Earlier Today I read on RWW about DeHood, a new location based social application that is trying to change the way we interact with our neighbors.

DeHood was the idea of Babak Hedayati, a former founder and employee of several start-ups, that decided to create “a social networking company for the good of local community.” According to his statement on the about section of DeHood website, his motivation to create the application started when he was on the road away from home and missed his friends, family and the places where he loved meeting them. This has led him to develop an application that help him and his friends keep in touch and socialize more often. As Hedayati puts it:

The more I focused on what was going on in my local area, the more I realized that my neighbors were focused on similar things – whether it be trying to organize a street party or a pot luck, or an informal email list that had been started to tip people off about reported crimes or suspicious activities – I decided to build something to facilitate such activities and bring together all these efforts and energies and help focus them in one place. Initially, the goal was to make the neighborhood safer, cleaner, greener, and overall a better experience for all.

So I decided to give it a go and although I knew it was only the first day since the launch of the app and I will probably be among the first users, I still was curious to see what are the options that this new application has to offer to local interactions in neighborhoods.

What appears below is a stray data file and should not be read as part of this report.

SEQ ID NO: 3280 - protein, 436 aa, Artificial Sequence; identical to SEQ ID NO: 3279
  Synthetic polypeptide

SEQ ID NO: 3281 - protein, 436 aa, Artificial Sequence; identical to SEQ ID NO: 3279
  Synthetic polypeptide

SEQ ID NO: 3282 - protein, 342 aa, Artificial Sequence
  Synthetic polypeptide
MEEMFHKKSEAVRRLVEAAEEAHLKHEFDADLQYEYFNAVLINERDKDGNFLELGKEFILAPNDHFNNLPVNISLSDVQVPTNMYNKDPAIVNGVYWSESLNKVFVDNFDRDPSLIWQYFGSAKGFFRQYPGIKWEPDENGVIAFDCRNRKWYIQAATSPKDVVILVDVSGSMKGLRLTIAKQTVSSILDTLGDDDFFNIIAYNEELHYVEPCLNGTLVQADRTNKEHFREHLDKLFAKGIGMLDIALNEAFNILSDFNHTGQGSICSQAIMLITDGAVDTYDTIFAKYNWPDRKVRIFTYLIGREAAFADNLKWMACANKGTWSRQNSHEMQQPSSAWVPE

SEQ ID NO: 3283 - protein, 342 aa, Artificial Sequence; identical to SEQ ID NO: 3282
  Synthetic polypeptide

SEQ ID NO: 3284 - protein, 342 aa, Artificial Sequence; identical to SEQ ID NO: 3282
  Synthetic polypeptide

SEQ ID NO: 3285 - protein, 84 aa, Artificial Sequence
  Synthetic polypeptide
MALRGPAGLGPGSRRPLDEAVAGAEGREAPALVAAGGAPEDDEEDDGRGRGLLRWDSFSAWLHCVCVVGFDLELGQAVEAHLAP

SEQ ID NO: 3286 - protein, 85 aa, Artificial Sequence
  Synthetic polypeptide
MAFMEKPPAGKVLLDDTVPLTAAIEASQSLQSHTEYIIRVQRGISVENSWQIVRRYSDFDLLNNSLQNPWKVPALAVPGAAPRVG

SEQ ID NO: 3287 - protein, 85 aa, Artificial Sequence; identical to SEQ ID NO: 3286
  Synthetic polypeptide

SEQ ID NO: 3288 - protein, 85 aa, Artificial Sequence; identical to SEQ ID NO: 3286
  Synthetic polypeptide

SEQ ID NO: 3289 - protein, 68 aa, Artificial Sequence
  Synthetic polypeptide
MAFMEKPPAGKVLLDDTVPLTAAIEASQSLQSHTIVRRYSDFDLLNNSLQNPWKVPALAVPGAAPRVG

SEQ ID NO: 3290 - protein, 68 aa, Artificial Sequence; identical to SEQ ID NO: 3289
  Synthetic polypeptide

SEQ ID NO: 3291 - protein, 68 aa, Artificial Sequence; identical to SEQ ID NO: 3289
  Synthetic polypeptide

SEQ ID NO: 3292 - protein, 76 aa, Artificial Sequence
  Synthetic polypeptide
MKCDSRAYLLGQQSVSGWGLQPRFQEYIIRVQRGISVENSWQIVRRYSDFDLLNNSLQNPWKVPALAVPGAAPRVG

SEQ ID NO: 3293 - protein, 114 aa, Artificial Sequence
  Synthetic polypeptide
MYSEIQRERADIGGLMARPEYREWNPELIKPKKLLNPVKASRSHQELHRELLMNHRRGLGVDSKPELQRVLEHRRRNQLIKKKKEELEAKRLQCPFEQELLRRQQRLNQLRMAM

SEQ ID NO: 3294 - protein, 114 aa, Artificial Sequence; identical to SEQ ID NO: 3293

After I downloaded, installed and played with it for some time I can say that  all in all DeHood is very interesting step in the already booming trend of location based social applications. As it seems, the idea behind the application was to consolidate in one application several hot virtual networking tools. The application has a timeline that shows the Buzz in the neighborhood (although it doesn’t state its name).  The Buzz displays everything that is going on around which includes:

  • Shouts – A Twitter like option to write whatever people want in 140 chars
  • Reports – Allow local news and events reporting
  • Check-ins- A Foursquare/GoWalla option to check in at a local place of interest and get points/titles such as King/Queen (did someone say mayor?)
  • Photos – Local user submitted pictures gallery
  • Deals – Get local deals or locate local branches of known brands

And that’s in addition to the ability to post all updates directly to Twitter and Facebook.

Another aspect to the app is a Facebook/Twitter like Friends/Followers. Apparently you can see user profiles of people around you, add them as friends and also follow them. I didn’t really understand what’s the difference between friending and following someone but I guess when I will have my first friend I will get it.

DeHood video demo:

DeHood is an ambitious effort to try and make the most of all the social tools that are around together with location based services. The big question is if putting all these tools together in one application will be a successful idea. Will people utilize the wide range of Facebook/Twitter/Foursquare/GoWalla/Yelp like tools or will they prefer to stick to all of this services in separate forms?

Another and maybe more important question that rises is the question of local flavors and the feeling of community.  It seems like the application was built to supply the needs and activities of a generic kind of neighborhoods but by doing so, it lost the feeling of it. In other words, what I miss most about the application is the understanding that every local group has its on color/flavor and origins that can’t be ignored when trying to produce an online-local interaction within it. I am sure that many people buy their food and clothes at big brands branches but these branches are the furthest thing I see close to a neighborhood and although the app does allow a local report of deals, I think that a more comprehensive effort to supply not only local businesses but also local Ad-Hoc groups be they political, cultural etc., might produce a better feeling of community.